The sludge from which heavy metals have been removed obtained by a method according to the present invention can be effectively used as compost containing good quality organic material and phosphates after the residual acid is neutralized using potassium carbonate, slaked lime or the like. The sludge from which heavy metals have been removed can also be used as a fertilizer without any further treatment, or after dried naturally or by heating. The sludge, even if dumped, does not pollute the environment. Thus, according to the present invention, sludge which is generated in a large amount can be recycled.

EXAMPLES

Hereinafter, the present invention will be described by way of illustrative examples with reference to the accompanying drawings.

Example 1

An example of treatment of sewage sludge performed at room temperature using aqueous solutions containing phosphoric acid at various concentrations as the treating liquid will be described.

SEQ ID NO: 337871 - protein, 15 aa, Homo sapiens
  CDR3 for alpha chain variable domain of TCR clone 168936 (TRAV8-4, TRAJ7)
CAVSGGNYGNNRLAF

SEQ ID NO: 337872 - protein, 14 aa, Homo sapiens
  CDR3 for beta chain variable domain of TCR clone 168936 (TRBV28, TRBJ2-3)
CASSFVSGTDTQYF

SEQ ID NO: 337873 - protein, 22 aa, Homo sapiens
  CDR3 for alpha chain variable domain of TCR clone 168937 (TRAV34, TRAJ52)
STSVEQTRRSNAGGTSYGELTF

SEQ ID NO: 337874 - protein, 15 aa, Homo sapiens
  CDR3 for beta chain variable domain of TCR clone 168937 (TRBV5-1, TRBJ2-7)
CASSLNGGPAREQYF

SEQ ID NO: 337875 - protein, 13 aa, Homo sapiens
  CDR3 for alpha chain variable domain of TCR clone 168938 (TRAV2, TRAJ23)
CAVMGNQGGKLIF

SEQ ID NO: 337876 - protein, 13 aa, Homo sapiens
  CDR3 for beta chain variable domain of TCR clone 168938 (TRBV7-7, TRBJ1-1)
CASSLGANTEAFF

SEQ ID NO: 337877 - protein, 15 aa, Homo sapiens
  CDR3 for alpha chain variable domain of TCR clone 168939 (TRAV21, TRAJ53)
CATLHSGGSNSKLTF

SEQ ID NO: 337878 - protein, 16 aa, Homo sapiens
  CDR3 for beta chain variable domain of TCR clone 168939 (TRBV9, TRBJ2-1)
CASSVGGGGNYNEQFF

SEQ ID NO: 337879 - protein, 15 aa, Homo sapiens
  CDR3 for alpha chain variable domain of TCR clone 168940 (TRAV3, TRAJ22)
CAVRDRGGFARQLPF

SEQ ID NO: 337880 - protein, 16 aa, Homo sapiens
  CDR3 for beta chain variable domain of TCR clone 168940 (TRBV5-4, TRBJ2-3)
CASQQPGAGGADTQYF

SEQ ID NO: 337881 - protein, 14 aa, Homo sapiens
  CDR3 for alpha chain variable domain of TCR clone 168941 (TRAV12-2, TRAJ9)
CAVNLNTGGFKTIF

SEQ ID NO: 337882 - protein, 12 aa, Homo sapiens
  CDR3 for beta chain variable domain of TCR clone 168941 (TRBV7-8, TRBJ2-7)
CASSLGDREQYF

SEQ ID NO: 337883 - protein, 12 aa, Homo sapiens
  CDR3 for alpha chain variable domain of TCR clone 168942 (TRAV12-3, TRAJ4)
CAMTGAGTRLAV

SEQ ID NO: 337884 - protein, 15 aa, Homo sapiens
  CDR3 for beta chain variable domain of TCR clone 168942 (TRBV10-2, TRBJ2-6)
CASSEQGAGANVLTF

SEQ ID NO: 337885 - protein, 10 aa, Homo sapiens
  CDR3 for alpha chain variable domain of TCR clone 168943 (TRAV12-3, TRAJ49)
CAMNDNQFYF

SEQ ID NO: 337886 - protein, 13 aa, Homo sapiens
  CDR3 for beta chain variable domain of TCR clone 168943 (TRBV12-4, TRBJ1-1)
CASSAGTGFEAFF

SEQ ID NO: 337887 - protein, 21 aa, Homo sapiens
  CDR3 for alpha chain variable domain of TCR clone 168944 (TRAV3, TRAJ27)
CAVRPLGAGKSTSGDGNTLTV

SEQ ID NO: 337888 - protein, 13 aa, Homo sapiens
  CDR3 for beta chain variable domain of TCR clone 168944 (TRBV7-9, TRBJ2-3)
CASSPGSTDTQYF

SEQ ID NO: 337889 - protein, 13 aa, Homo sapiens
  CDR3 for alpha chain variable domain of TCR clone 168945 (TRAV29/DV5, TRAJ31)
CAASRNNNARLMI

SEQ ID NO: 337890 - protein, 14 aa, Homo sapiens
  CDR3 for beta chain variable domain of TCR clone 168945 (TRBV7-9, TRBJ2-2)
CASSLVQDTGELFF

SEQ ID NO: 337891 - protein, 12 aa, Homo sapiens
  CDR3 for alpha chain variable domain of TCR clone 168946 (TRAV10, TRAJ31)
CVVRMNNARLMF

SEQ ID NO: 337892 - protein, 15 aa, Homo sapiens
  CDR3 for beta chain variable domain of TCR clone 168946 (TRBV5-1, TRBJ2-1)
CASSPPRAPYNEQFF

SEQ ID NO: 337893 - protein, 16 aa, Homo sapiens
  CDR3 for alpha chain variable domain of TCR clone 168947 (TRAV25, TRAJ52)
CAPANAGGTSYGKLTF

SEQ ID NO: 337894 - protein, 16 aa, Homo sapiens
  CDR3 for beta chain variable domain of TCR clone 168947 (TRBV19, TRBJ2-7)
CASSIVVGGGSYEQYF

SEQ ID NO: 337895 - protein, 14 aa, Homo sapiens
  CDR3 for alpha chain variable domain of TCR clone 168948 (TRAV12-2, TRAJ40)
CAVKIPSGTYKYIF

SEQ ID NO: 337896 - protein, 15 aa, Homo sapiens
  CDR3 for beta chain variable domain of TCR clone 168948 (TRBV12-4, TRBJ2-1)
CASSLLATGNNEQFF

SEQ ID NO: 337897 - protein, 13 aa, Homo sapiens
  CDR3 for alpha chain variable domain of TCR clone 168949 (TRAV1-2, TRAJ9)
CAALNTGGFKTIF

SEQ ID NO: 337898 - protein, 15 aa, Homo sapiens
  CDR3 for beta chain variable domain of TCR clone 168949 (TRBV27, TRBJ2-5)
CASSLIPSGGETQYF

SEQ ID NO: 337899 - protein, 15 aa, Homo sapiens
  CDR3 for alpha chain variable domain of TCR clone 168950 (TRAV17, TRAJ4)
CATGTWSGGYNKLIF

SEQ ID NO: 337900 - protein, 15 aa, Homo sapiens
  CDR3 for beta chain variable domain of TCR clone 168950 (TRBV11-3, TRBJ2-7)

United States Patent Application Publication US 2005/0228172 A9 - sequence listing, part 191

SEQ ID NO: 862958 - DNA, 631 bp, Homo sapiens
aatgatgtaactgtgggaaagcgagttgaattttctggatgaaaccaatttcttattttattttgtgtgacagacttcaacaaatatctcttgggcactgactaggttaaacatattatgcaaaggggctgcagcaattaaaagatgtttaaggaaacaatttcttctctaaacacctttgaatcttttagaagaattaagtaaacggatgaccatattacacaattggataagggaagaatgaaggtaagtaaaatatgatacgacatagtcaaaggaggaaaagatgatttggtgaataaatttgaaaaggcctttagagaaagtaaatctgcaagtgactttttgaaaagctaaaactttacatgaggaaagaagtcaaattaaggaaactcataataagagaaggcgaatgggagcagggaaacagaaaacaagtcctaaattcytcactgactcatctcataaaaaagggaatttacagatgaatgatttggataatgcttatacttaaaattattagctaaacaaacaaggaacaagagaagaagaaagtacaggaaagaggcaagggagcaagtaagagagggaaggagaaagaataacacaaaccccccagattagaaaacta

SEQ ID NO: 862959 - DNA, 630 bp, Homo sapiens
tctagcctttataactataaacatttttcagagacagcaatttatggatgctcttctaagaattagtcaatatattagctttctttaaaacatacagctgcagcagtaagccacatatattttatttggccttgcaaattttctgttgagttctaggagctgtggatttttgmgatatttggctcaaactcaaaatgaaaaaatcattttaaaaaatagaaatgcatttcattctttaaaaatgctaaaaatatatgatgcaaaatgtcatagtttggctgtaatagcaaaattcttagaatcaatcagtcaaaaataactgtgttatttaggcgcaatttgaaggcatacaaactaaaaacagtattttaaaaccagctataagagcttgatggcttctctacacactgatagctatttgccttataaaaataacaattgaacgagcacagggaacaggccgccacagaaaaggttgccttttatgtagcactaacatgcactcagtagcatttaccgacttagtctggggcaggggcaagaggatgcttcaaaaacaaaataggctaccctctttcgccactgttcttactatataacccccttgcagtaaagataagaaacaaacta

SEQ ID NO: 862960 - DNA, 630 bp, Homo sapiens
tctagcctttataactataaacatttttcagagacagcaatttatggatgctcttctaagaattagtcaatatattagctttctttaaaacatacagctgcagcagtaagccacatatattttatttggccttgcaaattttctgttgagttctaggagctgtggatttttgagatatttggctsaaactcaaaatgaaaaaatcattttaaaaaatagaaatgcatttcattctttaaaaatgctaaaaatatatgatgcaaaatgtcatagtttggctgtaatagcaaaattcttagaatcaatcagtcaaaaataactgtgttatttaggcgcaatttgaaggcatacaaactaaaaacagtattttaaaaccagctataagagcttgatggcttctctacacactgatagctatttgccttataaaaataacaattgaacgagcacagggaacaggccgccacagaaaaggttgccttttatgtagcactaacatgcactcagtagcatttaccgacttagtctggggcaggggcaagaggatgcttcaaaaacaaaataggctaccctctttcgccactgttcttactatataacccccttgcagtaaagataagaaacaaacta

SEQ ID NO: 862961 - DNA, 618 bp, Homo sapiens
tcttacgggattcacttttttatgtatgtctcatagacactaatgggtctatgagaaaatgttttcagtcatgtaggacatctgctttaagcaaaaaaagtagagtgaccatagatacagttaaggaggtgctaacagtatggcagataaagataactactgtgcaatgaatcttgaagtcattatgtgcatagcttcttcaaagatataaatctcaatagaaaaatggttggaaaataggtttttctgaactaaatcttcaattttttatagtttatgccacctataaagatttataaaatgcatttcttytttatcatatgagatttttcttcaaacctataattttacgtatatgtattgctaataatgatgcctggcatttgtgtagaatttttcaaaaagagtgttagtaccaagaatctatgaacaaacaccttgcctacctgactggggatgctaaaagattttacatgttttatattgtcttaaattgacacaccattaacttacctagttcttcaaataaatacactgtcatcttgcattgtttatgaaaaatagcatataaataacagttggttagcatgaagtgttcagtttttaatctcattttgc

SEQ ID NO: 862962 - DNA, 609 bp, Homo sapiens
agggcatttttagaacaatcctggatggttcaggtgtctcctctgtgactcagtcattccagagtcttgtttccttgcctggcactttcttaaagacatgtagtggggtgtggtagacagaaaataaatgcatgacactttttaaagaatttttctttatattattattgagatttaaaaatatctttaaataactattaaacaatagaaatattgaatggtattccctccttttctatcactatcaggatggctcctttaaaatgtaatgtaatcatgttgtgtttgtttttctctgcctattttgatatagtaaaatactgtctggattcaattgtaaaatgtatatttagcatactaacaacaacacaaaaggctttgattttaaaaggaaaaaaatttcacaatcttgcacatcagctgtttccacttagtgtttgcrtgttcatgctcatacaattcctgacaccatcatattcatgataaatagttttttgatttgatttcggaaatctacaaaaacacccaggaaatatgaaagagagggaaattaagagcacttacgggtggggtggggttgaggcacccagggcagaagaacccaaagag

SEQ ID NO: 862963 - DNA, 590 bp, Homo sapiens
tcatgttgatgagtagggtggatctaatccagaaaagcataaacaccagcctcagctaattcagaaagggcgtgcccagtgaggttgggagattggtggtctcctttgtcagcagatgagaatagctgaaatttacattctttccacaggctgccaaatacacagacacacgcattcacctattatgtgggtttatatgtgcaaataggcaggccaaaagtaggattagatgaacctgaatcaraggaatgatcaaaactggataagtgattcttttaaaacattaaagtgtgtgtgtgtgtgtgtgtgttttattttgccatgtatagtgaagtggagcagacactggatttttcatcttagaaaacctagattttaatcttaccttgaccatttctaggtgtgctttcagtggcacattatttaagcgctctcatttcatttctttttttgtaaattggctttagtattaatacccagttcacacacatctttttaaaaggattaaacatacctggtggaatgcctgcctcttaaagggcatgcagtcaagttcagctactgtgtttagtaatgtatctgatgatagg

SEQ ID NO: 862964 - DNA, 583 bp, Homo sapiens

To 10 g of filter cake of sewage sludge (water content: about 75% (wt/wt)) obtained by the standard activated sludge process used as a sample, 30 ml of each of aqueous solutions containing phosphoric acid at the concentrations shown in Table 1 in the columns of "Example 1" was added, and then stirred at room temperature for 1 hour. Next, the sludge was removed by filtering, and the resultant aqueous solutions of phosphoric acid were each analyzed for the contents of heavy metals using ICPS-5000 (Inductively Coupled Plasma Spectrometer 5000; Shimadzu Seisakusho). The method using ICPS-5000 is referred to as the "ICP method". The analyzed heavy metals were arsenic, cadmium, chromium, copper, iron, mercury, manganese, nickel, lead and zinc.